Roland Brown, 80, of North Chesterfield, holds a baby photo of himself that helped lead to connecting with three half-siblings he didn’t know he had.

Roland T. Brown found out when he was a teen that he had been adopted as a baby, but he never thought much about it. He was too busy living the life laid before him. Never asked a lot of questions. Never really thought about finding his birth mother.

“I never worried about it,” said Brown, 80, as we sat at his kitchen table in his North Chesterfield home.

In the summer of 2017, his son and daughter-in-law were finding out more about their family trees, so they submitted DNA tests through Ancestry.com. Brown was intrigued by what they were doing, so they gave him a DNA kit, too. All he was interested in, though, was learning more about his ethnicity.

He learned a whole lot more.

Or, as his daughter-in-law, Joyce Brown, put it, “He found a family.”

Long story short, Roland Brown found two half sisters and a half brother, as well as a whole world of cousins, nieces and nephews. How it all came together over the past 25 years is quite a story — Brown’s DNA test, Ancestry.com and a long-ago baby picture were the key ingredients — but there also is this:

Brown, who was raised an only child and whose wife, Ruth, died in 2005, is completely delighted by discovering a new branch on his family tree and learning about his mother, who died more than 20 years ago. Until a little over two years ago, Brown said he “never thought I had a single living relative” on his side of the family.

“It’s all great,” he said. “I’m having a good time.”

The advent of DNA analysis and the easy accessibility through services such as Ancestry.com has certainly changed the equation in figuring out who’s related to whom, and they certainly paved the way for Brown to be found by his siblings. But there was much more at play.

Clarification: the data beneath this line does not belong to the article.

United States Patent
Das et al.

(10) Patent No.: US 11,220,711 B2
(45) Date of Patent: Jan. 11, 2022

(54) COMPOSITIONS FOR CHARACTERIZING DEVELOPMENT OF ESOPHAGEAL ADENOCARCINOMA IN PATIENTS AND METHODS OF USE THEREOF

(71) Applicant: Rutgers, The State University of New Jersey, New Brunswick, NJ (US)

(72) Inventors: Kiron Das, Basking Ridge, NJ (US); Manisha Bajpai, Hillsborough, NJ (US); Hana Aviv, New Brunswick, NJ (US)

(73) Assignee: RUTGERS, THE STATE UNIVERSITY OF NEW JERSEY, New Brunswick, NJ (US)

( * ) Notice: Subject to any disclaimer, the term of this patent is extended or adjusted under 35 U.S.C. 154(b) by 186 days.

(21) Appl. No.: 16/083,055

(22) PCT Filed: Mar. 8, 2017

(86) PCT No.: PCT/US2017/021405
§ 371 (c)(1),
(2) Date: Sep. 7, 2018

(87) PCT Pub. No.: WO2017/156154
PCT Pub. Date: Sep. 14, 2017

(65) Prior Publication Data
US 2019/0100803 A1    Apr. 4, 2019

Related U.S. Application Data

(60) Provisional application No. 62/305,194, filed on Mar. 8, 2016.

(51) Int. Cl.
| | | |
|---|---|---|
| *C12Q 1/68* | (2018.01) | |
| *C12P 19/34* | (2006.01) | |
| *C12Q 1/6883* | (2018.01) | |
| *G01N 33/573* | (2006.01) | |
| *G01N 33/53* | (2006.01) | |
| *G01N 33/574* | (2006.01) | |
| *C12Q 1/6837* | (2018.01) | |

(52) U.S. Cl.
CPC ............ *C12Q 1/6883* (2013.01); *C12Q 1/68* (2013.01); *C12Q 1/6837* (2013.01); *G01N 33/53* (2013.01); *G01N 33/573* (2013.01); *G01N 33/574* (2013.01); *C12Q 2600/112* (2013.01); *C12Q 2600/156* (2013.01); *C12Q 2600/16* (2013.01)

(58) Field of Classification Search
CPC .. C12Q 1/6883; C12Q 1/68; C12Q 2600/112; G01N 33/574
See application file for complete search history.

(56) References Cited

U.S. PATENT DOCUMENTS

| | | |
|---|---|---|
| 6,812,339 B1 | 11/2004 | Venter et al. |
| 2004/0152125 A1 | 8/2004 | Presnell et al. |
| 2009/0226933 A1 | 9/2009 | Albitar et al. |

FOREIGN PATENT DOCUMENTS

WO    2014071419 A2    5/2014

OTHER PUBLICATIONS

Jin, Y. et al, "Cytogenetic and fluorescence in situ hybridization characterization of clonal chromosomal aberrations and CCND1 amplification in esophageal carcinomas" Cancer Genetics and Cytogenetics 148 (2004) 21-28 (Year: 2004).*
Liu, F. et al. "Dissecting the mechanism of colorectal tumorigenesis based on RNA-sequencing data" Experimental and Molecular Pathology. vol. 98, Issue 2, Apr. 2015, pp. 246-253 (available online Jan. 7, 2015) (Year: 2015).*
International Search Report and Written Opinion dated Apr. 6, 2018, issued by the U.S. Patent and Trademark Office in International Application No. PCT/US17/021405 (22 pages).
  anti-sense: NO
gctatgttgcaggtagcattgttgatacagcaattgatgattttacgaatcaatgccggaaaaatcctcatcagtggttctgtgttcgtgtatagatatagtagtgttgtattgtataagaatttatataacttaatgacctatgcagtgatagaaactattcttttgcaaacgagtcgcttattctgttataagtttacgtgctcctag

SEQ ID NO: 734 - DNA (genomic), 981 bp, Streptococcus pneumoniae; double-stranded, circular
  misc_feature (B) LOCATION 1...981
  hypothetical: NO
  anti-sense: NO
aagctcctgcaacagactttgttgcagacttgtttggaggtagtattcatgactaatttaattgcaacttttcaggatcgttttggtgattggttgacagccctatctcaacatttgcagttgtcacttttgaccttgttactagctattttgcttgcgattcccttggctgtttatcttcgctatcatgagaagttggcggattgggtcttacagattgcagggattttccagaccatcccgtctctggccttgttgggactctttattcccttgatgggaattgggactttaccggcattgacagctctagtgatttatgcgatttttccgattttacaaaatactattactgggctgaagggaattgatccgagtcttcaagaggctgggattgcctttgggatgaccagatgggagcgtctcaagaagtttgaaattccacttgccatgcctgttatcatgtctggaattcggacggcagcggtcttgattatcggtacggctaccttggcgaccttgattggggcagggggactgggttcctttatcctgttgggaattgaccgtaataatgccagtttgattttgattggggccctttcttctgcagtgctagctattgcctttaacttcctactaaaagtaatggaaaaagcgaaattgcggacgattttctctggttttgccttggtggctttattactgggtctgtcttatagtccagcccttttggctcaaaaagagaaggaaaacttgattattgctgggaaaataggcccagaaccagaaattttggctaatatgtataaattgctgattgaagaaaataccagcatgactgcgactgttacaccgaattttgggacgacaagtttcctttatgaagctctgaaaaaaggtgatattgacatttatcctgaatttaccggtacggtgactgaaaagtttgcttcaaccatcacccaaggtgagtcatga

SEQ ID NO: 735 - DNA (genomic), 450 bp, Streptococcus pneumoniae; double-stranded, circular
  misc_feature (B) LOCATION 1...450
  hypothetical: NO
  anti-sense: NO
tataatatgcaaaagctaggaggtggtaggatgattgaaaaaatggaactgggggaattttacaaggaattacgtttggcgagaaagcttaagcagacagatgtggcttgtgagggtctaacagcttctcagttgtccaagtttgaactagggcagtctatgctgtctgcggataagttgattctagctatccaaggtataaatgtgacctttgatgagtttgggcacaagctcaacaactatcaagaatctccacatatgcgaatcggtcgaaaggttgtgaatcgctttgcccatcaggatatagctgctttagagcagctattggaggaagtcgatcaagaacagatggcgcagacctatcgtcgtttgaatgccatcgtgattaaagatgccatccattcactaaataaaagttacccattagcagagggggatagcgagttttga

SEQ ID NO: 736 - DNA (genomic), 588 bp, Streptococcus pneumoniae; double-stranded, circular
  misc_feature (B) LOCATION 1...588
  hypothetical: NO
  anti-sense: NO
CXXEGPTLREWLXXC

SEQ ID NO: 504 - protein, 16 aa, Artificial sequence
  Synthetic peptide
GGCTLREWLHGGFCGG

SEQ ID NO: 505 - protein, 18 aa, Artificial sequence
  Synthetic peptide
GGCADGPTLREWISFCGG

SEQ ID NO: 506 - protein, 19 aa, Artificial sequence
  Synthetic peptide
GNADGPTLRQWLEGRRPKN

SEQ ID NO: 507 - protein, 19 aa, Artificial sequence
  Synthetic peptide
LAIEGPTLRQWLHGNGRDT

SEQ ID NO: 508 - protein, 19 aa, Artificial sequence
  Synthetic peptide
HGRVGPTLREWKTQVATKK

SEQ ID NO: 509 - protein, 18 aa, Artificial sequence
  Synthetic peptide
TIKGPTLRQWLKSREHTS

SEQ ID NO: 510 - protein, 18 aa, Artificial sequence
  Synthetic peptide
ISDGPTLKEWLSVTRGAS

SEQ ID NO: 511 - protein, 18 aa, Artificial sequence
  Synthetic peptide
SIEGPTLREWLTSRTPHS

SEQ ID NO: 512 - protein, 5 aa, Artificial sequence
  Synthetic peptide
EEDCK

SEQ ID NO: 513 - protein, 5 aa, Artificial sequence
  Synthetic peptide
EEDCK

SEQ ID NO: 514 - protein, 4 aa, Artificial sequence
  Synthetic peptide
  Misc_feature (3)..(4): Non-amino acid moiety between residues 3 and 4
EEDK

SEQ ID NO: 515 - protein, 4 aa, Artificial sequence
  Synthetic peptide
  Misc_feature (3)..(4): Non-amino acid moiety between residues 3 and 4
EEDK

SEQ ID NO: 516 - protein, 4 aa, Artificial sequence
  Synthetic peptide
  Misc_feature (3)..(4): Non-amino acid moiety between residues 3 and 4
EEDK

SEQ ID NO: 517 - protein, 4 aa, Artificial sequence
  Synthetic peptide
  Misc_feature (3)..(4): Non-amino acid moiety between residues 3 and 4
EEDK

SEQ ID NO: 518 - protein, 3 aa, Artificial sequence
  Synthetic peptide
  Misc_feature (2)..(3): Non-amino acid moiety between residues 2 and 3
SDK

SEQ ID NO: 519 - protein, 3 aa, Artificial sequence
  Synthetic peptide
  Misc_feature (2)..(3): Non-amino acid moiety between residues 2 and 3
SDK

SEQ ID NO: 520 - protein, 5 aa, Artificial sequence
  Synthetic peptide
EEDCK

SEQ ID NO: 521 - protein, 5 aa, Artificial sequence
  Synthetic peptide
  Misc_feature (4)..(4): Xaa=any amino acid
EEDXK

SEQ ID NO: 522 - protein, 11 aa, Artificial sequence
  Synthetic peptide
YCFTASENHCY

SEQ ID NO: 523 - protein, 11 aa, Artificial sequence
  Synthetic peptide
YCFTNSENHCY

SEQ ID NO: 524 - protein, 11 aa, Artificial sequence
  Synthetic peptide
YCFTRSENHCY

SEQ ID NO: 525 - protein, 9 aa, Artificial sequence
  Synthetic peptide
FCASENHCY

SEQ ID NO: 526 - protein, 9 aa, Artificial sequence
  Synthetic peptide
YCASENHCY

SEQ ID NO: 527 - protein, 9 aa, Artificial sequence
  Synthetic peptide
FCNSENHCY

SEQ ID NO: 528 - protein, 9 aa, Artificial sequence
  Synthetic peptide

Brown grew up on Floyd Avenue in Richmond’s Fan District. He learned at age 16 that his parents, Gussie and Kirk Brown, a plumber who died when Brown was a teen, had raised him since he was an infant after his young birth mother had left him there.

The birth mother had lived less than two blocks away at a boardinghouse run by her mother, and the woman who would become his adoptive mother had babysat him until the birth mother asked her to take care of her child on a permanent basis.

His adoptive mother offered precious little information about his birth mother, so there was no trail to follow. Brown wasn’t much interested anyway. At the time, he was much more focused on “cars and girls and sports, and it didn’t occur to me to try to find my birth mother.”

“I thought I had a kind of normal life,” said Brown, a 1958 graduate of Thomas Jefferson High.

Brown went on to marry, and he and Ruth raised a daughter and two sons. Ruth’s extended family became his own. He worked at DuPont for 35 years, retiring as a data center manager in 2001. In retirement, he went into business for himself as an inspector of footings and foundations for new construction. He also volunteered as a motorist assistant in Chesterfield County for 15 years.

As far as his biological family connections, he didn’t know what he didn’t know and that’s the way it was, but he was always curious about his ethnicity, figuring he might have Spanish or Mexican blood in him. The opportunity to do a DNA test might answer that question.

He had no idea that a North Carolina woman had been looking for him for more than 20 years.


In 1995, Judy Floren’s adoptive mother watched an episode of “The Oprah Winfrey Show” that featured an organization that searched for birth mothers of adopted children. Her mother told Floren, who was 53 at the time and living near Asheville, N.C., that she would pay for the service if she wanted to look for her birth mother.

Floren was interested, and the search didn’t take long, leading to a woman in Florida.

Floren was unable to contact the woman because, as it turned out, she was recuperating from a stroke at the home of her daughter. (She also had a son from her marriage, later in her life, to a career Navy man.) Floren reached the daughter, Joyce Knowles, and eventually went for a visit.

“It was shocking in the beginning,” Knowles said in a phone interview from her home near Green Cove Springs, Fla., but once it became clear through the documents and information Floren had that it was true, Knowles embraced the situation. She had always wanted a sister, she said, particularly in the role of her mother’s caretaker — and now she had one.